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indemnifyme
Post 5

@SZapper - Yeah, I think the fact that things that used to take a long time in the dark room now only take a few second really contributes to this problem. Maybe photo places should stop giving consumers less options!

Anyway, I took a digital photography class in college too. We did a little bit of digital restoration. It wasn't too difficult, but man was it tedious. I don't think I could spend me whole day just doing that and stay sane!

SZapper
Post 4

@nony - This is very true. Digital imagine processing can get overwhelming because there are so many options. I have a degree in art with a photography concentration, and I struggled with this in my art. How can you tell when the piece is "done" when there are so many other things you could do to it?

I can see why this would be a problem for consumers as well.

miriam98
Post 3

@nony - Last summer I had the joy of taking some of my grandparents’ old, faded photos and scanning them into the computer, one album at a time.

I was then able to clean up the photos, add some enhancement, and create a photo album DVD for my grandparents on their anniversary.

They were absolutely delighted that I was able to preserve their memories on disc and I had a lot of fun doing it.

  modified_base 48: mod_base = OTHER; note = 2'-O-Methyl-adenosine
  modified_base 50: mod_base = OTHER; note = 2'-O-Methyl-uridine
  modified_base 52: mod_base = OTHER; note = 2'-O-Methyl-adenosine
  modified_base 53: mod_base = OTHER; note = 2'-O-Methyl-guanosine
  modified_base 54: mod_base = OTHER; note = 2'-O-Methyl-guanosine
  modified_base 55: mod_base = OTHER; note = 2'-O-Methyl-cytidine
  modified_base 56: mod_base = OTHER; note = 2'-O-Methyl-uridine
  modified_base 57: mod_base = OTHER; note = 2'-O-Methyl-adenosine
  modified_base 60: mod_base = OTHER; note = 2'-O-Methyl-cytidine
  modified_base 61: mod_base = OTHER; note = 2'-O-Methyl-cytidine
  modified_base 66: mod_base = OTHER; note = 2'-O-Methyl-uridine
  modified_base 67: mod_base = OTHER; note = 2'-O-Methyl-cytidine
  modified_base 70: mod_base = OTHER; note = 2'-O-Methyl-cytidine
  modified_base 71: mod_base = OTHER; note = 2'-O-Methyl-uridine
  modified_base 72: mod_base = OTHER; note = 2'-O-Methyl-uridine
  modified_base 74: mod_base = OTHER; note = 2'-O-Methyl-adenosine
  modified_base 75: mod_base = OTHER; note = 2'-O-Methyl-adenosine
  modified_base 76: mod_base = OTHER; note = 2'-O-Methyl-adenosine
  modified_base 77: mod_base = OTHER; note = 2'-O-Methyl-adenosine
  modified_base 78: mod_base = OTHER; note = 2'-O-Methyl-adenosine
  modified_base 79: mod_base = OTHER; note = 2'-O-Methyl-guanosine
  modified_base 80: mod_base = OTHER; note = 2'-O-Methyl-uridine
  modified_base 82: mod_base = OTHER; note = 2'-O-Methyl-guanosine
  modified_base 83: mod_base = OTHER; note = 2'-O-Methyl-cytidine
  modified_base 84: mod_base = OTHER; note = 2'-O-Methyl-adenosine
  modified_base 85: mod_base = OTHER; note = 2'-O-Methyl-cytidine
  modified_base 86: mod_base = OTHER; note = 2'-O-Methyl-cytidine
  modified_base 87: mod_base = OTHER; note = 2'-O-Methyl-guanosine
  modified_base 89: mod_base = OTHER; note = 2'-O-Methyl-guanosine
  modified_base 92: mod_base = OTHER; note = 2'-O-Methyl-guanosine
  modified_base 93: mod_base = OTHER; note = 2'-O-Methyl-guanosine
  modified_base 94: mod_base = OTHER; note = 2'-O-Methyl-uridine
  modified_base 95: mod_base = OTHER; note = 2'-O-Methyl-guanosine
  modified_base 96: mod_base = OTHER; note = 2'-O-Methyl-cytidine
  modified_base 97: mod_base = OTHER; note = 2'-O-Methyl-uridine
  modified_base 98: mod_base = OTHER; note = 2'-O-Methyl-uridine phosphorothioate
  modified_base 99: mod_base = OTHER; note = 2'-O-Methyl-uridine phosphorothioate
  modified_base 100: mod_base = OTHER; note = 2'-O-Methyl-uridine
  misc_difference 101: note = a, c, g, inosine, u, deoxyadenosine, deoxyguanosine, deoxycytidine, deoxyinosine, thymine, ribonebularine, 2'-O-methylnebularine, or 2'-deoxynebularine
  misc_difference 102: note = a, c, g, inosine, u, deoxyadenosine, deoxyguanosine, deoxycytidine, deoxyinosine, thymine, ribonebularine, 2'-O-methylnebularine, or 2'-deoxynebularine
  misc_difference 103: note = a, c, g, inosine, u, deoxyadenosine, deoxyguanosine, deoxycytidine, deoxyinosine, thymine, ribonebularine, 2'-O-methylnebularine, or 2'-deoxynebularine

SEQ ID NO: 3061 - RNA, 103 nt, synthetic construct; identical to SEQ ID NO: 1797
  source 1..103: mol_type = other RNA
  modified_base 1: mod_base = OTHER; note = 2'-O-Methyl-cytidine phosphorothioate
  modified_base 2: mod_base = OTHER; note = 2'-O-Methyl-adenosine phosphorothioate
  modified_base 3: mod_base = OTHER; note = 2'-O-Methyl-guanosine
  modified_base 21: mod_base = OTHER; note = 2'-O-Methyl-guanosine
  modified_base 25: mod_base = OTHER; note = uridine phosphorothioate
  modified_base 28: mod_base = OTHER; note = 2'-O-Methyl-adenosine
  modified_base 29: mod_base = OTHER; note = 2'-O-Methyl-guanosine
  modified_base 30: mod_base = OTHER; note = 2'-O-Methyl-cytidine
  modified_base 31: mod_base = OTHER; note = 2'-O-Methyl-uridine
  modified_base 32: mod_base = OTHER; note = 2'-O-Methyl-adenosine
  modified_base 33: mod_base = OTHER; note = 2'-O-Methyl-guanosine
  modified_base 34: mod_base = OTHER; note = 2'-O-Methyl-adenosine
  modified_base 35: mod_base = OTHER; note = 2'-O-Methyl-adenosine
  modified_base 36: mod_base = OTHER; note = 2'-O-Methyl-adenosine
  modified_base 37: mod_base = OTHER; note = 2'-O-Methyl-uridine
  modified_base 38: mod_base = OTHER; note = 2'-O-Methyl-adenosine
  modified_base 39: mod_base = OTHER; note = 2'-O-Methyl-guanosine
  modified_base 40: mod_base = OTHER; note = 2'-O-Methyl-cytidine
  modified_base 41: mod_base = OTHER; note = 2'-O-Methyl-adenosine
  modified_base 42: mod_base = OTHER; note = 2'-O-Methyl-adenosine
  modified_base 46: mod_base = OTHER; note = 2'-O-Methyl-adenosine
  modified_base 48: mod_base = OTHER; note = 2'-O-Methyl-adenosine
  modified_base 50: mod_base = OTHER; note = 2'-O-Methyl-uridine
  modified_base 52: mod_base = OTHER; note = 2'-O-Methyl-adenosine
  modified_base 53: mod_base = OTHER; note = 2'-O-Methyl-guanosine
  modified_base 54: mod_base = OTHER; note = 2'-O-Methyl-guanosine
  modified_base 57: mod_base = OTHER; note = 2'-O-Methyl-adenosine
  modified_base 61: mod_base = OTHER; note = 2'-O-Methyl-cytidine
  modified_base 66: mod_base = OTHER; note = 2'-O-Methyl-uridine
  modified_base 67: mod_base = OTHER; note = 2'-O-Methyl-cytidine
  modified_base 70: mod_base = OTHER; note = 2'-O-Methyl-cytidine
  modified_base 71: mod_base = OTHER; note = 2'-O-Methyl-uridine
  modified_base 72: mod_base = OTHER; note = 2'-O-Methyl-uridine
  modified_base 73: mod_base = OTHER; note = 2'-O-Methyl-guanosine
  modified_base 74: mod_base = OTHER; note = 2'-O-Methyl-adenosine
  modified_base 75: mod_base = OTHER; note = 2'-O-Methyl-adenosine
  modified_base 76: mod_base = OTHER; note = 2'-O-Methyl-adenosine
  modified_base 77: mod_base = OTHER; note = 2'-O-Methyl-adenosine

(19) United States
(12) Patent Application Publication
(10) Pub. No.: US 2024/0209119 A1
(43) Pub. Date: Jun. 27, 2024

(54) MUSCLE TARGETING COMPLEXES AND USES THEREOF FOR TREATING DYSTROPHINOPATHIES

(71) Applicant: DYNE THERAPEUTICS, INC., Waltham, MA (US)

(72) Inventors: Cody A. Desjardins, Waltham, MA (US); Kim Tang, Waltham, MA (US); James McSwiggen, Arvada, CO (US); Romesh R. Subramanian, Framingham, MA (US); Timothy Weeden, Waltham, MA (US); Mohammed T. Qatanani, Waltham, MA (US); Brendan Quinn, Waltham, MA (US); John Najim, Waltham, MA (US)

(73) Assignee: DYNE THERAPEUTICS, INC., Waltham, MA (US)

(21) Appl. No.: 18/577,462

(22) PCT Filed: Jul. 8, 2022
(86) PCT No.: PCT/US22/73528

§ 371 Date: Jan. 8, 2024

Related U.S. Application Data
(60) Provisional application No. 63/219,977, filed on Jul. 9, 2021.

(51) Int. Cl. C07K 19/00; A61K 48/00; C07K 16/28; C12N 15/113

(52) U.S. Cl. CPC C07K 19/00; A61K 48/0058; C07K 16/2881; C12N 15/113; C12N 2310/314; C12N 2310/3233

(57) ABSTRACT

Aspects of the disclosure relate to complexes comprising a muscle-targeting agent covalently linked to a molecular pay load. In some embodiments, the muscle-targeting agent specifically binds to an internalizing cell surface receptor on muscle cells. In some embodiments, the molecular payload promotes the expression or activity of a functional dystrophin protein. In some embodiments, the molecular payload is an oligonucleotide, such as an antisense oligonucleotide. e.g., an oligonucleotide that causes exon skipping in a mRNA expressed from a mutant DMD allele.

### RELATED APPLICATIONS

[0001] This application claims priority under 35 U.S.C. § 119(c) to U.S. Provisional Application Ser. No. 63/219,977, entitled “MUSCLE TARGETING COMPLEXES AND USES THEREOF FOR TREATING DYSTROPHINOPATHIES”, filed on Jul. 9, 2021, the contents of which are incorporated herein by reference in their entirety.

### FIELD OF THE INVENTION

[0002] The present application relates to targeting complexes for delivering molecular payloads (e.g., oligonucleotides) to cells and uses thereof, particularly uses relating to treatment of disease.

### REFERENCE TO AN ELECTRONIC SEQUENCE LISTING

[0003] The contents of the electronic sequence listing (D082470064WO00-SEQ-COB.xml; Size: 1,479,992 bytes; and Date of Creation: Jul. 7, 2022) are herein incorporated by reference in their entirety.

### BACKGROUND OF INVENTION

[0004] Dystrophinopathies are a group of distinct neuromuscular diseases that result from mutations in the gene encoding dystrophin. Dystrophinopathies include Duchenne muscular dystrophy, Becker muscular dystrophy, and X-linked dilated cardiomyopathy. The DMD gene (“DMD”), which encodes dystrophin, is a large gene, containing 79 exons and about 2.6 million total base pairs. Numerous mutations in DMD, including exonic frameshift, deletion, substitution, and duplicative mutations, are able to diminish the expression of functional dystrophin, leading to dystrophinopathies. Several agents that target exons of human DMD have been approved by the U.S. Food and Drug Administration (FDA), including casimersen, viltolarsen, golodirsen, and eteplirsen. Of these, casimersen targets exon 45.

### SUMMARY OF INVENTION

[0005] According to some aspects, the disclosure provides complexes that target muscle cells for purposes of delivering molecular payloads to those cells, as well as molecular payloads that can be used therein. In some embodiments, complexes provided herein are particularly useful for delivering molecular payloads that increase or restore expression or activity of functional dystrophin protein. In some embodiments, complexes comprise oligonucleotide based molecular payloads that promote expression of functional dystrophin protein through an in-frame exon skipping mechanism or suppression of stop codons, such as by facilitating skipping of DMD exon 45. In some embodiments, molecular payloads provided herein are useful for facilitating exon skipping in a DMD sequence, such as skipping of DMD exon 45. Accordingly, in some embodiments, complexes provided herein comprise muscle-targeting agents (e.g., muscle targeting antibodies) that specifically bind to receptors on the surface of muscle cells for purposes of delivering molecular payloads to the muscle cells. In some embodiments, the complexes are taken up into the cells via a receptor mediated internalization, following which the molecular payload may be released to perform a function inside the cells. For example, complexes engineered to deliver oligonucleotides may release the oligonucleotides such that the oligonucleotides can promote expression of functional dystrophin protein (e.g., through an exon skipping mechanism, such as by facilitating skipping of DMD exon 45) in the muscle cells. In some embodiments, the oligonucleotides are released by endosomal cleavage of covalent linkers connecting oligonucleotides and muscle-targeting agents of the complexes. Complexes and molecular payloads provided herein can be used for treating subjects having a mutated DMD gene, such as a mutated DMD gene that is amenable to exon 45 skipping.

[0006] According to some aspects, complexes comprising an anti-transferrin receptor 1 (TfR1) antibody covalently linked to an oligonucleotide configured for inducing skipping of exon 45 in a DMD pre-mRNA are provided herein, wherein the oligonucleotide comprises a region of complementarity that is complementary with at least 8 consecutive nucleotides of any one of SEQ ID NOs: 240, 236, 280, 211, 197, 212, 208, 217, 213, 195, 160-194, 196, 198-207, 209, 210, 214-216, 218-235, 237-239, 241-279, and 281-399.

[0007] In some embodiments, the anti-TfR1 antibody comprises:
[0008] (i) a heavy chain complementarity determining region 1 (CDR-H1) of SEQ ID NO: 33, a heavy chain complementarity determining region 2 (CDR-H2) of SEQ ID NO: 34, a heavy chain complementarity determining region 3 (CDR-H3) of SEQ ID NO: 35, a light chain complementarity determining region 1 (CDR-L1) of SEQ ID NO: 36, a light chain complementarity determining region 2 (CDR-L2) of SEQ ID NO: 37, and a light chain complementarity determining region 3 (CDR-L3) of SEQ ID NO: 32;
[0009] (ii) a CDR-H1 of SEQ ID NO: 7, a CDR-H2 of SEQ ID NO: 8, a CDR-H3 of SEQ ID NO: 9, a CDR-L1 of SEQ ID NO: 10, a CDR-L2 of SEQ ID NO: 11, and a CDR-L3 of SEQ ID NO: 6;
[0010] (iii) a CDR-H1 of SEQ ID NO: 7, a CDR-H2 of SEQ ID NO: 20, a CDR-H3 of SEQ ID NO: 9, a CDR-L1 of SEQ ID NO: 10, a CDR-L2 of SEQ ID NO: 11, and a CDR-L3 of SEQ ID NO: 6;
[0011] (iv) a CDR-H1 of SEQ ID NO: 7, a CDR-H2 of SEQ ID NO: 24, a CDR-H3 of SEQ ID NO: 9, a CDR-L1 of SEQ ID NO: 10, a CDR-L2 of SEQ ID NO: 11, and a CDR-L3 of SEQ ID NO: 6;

nony
Post 2

@SkyWhisperer - That’s a good point. I’d also like to make one observation about digital photos.

Sometimes consumers are overwhelmed by the sheer number of options that they have for retouching their photos. You can do just about any kind of enhancement to a photo, whether it’s a digital photo from your camera or a film photo that you scanned in the computer.

However, before you go crazy making all sorts of adjustments to the image, ask yourself what the final output will be. If it’s going to be digital output, then it doesn’t hurt to enhance the image.

However, if you’re going to print the photo, then you should limit the amount of enhancement that you do. A little brightening and some contrast here and there is okay, but more than this, and the printed output will not look good.

SkyWhisperer
Post 1

I think that one of the most important things for you to remember with image enhancement is the old adage, garbage in, garbage out.

Basically this means that you are limited with how much cleanup you can do with an image, if it’s not fairly clear to begin with. So when I scan photos into my computer, I always check the scanner plate first.

Sometimes I will clean it with a mild cloth to eliminate any of the streaks. In addition to this I make sure that there are no strands of hairs or fine particles or things like that.

Those things get magnified a hundredfold in the finished image. Then, and only then, do I scan the image. Sure, you can do some measure of cleanup, as pointed out in the article, but random noise is hard to eliminate.